Document Type


Publication Date


Publication Citation

39 Case Western Reserve Law Review 965 (1989)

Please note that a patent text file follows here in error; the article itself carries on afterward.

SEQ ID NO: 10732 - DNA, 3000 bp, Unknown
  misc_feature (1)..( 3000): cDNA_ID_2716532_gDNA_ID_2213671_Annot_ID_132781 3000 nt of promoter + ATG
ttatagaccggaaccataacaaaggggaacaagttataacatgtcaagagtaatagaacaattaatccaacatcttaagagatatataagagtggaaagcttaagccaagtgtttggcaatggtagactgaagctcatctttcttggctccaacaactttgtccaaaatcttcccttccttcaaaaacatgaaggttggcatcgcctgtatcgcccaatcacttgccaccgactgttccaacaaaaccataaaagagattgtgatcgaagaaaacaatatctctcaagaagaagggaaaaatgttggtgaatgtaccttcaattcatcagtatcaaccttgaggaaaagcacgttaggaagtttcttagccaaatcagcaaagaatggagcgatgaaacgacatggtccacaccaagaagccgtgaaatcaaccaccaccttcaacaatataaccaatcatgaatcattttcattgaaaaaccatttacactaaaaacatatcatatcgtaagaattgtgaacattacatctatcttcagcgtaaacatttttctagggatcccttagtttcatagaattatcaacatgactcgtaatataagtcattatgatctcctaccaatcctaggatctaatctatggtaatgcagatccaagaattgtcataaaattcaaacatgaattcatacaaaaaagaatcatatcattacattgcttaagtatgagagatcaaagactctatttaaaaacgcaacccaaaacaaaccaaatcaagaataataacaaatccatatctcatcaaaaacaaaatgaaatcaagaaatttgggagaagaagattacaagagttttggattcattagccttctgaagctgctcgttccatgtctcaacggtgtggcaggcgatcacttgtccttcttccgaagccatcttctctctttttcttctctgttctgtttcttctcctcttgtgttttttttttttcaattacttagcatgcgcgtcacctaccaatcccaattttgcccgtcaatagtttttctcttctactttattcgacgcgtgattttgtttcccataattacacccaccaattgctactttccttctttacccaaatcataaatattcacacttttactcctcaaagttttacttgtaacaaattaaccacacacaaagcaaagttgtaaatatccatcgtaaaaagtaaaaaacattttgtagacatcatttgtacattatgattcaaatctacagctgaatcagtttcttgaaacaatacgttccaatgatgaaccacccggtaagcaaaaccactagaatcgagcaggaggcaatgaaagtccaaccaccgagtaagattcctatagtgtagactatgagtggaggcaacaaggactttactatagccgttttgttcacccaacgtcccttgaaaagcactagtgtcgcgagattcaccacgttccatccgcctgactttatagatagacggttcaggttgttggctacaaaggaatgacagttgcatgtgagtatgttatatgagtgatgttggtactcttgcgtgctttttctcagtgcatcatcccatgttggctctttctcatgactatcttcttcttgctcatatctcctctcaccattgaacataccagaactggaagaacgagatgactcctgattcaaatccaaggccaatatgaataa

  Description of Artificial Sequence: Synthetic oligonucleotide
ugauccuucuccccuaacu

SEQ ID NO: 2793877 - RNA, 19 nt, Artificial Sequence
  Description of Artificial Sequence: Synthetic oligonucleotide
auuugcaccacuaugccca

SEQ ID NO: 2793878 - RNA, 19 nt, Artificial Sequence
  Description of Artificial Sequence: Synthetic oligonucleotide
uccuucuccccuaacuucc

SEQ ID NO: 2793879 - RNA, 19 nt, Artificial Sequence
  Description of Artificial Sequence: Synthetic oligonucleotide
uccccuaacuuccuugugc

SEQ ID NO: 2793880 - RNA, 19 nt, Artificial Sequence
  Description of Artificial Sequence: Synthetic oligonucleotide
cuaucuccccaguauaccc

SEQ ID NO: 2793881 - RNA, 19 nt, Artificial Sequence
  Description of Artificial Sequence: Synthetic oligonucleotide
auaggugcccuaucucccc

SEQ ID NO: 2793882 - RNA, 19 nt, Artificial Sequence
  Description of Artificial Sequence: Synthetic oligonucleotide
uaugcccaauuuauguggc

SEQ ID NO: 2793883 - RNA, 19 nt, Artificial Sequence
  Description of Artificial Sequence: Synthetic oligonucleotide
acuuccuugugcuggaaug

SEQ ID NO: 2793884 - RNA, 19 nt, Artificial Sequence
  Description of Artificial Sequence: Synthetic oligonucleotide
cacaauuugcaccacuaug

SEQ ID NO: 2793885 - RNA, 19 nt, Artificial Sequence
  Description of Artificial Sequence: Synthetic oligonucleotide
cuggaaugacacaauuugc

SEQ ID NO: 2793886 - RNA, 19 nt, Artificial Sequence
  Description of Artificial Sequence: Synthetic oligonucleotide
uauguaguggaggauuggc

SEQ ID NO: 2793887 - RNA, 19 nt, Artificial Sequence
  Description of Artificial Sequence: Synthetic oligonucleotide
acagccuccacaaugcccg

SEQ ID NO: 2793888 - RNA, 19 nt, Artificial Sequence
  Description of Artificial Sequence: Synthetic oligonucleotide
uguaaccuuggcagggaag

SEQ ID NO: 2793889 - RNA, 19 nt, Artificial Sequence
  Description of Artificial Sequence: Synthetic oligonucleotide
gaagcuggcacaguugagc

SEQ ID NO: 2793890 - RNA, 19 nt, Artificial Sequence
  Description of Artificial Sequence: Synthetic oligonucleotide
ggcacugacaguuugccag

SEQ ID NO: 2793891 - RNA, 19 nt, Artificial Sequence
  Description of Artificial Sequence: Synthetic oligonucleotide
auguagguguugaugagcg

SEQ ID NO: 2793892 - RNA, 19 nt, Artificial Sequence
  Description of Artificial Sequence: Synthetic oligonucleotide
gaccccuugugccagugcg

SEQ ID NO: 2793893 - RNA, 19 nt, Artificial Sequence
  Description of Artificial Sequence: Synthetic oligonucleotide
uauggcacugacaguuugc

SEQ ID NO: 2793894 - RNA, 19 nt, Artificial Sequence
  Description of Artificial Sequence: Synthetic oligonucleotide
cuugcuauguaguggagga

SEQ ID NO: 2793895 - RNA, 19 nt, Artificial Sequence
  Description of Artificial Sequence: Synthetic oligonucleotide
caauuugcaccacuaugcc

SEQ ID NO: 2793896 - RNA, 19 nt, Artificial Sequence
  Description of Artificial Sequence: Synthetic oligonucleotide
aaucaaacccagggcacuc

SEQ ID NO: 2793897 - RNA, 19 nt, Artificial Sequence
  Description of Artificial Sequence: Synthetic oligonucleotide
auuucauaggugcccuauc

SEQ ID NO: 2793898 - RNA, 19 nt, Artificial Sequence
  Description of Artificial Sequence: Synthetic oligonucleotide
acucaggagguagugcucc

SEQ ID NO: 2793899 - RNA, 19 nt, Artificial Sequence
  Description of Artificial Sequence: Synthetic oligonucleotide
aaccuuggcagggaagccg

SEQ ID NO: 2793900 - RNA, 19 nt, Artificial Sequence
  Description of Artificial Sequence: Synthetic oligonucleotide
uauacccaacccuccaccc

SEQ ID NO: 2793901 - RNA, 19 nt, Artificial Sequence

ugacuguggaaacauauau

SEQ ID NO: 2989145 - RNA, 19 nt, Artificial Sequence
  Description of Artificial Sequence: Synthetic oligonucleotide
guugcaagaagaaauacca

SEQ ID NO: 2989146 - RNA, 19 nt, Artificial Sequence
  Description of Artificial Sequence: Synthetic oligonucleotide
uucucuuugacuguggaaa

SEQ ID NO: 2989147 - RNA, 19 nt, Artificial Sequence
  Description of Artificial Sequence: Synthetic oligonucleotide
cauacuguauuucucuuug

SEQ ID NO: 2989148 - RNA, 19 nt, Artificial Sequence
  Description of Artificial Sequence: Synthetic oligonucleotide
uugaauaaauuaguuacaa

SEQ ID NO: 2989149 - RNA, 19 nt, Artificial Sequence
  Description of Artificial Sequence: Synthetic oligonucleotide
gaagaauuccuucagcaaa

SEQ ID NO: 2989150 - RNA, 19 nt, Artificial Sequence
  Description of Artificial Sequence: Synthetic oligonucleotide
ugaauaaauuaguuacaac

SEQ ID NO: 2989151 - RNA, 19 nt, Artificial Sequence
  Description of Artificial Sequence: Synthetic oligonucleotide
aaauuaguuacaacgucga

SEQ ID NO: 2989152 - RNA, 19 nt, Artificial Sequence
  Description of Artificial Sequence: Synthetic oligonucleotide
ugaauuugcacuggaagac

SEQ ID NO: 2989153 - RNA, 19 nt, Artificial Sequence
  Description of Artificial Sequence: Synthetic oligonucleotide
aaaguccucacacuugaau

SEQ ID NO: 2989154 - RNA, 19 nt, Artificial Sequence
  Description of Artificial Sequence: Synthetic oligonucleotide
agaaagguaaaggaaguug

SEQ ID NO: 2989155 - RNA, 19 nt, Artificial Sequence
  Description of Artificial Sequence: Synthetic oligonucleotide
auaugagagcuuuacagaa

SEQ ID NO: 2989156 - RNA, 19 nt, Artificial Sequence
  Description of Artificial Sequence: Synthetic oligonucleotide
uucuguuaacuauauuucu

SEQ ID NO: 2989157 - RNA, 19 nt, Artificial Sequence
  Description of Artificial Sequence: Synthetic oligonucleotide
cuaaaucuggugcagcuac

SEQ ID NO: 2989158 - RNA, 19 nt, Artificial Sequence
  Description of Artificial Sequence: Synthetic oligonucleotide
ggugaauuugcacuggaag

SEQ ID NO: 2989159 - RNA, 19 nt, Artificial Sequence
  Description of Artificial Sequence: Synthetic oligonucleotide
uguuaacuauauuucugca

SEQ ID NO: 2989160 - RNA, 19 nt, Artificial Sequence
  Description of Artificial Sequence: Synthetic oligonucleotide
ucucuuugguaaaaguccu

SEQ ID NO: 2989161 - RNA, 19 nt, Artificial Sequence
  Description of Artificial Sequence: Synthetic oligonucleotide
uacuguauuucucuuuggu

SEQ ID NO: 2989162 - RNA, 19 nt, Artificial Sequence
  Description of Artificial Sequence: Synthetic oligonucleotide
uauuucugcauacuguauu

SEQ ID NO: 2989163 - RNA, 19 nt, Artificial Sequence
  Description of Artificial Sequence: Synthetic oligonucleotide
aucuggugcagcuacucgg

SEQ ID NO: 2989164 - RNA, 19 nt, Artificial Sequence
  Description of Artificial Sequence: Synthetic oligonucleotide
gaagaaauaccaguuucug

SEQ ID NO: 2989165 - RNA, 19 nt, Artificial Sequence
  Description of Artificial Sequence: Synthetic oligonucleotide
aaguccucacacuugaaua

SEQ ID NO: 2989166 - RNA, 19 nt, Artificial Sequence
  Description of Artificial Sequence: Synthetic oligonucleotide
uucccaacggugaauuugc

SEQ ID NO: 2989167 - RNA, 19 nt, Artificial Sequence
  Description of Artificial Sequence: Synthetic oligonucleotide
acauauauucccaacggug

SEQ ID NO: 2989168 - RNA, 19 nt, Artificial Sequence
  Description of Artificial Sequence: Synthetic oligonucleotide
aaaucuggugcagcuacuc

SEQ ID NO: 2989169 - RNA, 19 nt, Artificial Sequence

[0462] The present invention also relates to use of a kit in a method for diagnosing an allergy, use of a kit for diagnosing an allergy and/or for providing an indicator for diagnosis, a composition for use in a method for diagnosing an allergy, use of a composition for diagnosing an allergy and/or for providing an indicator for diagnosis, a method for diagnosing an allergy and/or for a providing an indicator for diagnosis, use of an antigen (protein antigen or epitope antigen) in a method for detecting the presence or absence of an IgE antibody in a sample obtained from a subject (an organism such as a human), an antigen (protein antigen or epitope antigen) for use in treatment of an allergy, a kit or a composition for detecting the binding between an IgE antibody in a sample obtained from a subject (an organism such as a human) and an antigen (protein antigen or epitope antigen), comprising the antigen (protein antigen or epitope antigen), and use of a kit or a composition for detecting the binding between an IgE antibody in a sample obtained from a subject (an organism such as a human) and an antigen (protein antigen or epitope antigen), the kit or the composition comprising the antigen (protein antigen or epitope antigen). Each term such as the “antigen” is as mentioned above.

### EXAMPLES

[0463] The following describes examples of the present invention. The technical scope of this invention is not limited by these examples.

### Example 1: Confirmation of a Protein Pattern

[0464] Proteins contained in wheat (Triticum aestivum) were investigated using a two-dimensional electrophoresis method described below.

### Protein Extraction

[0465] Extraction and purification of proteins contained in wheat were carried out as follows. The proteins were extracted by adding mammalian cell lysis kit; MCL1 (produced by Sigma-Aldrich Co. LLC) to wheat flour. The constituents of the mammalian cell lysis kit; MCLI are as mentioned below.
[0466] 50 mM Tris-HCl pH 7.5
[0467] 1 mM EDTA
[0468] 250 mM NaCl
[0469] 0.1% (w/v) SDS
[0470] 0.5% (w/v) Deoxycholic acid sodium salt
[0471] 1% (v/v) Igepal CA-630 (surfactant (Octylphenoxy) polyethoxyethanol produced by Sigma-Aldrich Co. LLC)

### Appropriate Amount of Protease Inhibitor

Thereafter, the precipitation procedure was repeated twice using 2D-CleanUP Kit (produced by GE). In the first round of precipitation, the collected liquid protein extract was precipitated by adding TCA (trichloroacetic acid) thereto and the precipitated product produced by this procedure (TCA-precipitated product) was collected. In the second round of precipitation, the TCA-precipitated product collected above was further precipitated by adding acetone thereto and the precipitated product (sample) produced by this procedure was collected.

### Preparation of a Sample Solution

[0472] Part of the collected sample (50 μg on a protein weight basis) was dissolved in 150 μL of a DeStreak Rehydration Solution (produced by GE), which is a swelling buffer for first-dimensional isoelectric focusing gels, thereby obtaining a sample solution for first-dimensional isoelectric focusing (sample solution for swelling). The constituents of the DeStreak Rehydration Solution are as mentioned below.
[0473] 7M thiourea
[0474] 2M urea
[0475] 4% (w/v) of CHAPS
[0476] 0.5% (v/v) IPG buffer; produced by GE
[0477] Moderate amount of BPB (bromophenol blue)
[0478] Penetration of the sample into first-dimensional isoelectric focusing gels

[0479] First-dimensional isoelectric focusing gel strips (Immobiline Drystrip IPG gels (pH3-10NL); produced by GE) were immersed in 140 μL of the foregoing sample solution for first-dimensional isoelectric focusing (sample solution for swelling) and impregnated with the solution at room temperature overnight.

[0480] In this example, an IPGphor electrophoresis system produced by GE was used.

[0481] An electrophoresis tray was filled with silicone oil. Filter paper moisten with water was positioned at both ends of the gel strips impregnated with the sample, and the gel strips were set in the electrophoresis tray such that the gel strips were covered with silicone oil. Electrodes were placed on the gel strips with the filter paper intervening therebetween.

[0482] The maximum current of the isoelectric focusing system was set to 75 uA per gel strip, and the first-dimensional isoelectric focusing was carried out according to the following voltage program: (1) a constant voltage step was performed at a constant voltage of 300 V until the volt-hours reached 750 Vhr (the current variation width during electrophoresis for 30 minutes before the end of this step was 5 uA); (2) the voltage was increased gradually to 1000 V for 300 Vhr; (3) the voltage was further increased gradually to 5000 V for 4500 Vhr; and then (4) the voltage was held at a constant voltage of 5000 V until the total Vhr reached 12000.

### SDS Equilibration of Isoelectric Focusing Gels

This article reviews the corporate tax system within the context of the historical bias and current effects of the current system of taxation of corporations and shareholders. Drawing on public finance theory, financial markets microstructure research, and perspectives on corporate governance, Professor Rudnick proposes a profits tax on the liquid equity of firms. She finds this to be a normative rationale for a double tax system under optimal tax principles due to the inelasticity of demand for and supply of liquidity and the economic rent it produces. The value of liquidity in different capital markets is the crucial determinate. Under traditional tax policy criteria of horizontal and vertical equity and efficiency, this approach correctly classifies those firms that can normatively be included in a double tax system after an interest return on equity is deducted. Drawing the line at liquidity allows the fullest expansion of passthrough regimes such as Subchapter S and partnership taxation as well as other forms of integration.